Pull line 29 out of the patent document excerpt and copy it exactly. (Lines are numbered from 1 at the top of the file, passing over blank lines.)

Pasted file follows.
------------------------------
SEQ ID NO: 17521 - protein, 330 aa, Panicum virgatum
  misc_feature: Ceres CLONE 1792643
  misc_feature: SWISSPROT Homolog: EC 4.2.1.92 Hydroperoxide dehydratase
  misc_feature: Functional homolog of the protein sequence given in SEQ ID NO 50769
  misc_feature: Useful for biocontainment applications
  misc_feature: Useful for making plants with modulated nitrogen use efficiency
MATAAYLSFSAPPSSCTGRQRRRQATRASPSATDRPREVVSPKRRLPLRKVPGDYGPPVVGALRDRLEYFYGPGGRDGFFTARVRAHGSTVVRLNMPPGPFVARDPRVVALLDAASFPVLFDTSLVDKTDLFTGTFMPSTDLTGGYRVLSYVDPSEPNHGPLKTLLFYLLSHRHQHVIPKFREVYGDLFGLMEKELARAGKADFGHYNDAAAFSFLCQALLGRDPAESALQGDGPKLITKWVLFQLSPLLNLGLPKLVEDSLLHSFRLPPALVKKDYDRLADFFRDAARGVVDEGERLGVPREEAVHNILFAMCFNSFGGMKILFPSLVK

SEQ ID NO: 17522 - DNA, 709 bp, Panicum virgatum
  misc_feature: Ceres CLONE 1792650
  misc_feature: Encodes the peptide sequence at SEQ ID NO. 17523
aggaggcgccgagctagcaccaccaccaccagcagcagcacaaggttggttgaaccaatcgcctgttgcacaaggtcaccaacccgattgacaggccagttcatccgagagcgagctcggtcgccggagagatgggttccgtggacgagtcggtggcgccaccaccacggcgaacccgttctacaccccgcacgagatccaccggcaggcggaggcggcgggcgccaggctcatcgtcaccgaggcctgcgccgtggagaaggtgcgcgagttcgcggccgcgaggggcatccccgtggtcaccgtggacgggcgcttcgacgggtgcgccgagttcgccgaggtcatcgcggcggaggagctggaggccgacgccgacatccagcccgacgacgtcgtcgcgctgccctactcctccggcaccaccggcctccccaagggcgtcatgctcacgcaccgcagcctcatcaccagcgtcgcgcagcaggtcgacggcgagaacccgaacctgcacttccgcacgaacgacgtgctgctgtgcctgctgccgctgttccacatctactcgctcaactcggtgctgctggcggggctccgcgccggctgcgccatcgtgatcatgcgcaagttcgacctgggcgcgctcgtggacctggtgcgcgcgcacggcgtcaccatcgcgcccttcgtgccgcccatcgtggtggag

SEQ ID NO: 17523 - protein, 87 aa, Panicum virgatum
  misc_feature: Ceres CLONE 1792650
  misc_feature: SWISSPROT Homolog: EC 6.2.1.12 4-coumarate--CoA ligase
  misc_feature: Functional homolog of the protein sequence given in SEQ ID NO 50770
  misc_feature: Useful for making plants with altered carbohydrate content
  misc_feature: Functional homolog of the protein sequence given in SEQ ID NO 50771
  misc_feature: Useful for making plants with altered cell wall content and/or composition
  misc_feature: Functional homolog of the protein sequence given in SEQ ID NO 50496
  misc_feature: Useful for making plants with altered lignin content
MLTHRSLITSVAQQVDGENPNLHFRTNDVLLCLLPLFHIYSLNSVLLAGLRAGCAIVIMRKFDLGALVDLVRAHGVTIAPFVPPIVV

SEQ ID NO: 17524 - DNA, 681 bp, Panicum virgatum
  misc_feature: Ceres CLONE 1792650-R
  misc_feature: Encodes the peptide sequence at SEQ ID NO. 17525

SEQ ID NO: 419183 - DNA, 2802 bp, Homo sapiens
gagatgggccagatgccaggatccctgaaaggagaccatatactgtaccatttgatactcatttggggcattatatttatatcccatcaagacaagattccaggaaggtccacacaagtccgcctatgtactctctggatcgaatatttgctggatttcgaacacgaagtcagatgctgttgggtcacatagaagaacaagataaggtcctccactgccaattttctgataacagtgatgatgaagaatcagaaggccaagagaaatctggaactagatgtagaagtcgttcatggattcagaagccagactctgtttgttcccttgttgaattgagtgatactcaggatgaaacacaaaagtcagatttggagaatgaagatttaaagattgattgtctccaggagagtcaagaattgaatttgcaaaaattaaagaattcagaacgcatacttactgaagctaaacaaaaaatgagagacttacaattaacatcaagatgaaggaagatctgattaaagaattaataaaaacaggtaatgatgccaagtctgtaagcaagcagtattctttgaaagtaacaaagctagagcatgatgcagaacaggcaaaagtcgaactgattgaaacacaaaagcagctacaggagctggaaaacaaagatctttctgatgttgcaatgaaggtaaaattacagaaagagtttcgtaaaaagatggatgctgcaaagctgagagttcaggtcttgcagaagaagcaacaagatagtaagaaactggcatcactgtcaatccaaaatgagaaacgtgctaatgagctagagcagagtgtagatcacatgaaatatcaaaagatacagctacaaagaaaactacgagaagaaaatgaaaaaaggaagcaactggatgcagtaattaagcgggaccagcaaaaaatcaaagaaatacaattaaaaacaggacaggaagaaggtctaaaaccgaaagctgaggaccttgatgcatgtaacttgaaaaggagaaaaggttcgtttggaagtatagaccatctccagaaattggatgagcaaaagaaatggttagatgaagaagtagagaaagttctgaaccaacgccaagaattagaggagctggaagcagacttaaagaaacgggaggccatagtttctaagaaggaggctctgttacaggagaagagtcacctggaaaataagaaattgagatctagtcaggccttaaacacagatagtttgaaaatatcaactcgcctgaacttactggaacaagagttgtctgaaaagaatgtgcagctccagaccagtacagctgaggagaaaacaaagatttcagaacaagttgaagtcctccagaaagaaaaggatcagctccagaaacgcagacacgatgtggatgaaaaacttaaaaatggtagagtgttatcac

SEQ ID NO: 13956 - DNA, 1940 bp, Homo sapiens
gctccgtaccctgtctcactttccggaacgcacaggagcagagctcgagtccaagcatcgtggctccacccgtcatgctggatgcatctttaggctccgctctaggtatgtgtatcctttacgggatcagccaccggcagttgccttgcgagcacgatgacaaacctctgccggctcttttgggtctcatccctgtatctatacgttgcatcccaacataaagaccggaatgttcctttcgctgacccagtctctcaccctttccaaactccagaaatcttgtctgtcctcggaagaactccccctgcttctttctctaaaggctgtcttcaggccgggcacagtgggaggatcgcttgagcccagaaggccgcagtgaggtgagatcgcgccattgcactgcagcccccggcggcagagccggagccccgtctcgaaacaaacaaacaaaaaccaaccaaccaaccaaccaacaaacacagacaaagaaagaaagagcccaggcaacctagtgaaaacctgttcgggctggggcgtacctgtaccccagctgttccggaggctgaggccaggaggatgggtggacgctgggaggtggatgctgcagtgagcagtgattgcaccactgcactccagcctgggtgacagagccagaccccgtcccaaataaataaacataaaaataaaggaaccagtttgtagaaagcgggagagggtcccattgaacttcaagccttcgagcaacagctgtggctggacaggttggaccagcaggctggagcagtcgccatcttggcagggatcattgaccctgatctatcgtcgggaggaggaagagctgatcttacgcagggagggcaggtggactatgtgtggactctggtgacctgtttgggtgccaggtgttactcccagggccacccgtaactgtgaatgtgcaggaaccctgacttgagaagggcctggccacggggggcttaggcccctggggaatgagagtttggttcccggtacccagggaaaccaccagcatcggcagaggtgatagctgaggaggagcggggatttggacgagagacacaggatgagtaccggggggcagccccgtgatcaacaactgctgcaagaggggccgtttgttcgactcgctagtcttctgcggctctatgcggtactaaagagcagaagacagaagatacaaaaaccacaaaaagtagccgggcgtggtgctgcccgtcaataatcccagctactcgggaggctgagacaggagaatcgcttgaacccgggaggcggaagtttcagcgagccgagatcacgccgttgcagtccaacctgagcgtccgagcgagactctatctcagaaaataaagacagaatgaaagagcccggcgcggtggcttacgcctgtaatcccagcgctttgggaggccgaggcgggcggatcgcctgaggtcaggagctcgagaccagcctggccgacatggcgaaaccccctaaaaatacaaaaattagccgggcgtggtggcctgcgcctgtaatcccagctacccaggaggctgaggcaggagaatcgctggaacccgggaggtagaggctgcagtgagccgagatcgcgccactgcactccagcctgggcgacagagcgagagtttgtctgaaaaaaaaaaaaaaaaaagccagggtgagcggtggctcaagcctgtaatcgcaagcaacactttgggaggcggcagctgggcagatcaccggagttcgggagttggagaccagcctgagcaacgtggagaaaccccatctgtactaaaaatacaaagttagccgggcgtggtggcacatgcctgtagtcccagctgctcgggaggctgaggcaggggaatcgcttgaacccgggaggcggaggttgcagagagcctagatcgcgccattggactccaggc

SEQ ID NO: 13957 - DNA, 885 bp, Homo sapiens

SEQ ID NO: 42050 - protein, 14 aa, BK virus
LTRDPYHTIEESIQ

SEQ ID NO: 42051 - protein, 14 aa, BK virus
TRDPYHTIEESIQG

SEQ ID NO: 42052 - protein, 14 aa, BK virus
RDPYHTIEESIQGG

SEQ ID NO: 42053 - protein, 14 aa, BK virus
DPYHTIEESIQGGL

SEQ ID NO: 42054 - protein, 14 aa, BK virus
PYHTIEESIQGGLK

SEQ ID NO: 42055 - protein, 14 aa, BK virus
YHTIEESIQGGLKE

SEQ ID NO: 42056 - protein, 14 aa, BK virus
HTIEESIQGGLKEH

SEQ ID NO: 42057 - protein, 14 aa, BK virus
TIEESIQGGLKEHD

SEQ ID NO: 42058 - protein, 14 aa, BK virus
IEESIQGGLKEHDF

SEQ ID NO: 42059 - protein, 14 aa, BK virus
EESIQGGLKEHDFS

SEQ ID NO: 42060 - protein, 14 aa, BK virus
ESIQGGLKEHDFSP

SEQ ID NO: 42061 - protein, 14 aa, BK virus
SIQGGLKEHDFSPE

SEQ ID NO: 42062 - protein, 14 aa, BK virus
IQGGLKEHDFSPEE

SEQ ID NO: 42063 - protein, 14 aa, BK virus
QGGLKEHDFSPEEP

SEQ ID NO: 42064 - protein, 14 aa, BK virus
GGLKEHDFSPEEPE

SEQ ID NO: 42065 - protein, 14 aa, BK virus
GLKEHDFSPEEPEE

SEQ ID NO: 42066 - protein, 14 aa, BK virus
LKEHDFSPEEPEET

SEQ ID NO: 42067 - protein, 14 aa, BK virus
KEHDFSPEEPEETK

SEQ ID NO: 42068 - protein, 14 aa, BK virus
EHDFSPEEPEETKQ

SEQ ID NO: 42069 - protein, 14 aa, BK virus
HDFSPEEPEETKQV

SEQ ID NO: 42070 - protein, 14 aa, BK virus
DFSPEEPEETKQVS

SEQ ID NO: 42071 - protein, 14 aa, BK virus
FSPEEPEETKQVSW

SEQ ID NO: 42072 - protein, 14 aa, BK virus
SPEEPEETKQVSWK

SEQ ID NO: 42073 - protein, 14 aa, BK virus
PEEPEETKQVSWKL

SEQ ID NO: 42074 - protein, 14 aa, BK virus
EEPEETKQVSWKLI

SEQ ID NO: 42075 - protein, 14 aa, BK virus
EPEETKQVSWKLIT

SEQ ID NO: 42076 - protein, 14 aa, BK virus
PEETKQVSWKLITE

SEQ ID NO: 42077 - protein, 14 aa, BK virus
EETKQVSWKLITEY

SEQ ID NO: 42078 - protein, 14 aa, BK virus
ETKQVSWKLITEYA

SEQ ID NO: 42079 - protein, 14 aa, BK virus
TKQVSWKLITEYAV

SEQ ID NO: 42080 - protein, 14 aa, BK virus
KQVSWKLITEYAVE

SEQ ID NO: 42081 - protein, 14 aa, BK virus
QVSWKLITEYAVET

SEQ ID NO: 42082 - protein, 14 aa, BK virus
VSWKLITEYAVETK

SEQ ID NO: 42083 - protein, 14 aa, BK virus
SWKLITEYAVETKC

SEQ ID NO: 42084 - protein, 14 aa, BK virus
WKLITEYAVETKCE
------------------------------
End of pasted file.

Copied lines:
SEQ ID NO: 13957 - DNA, 885 bp, Homo sapiens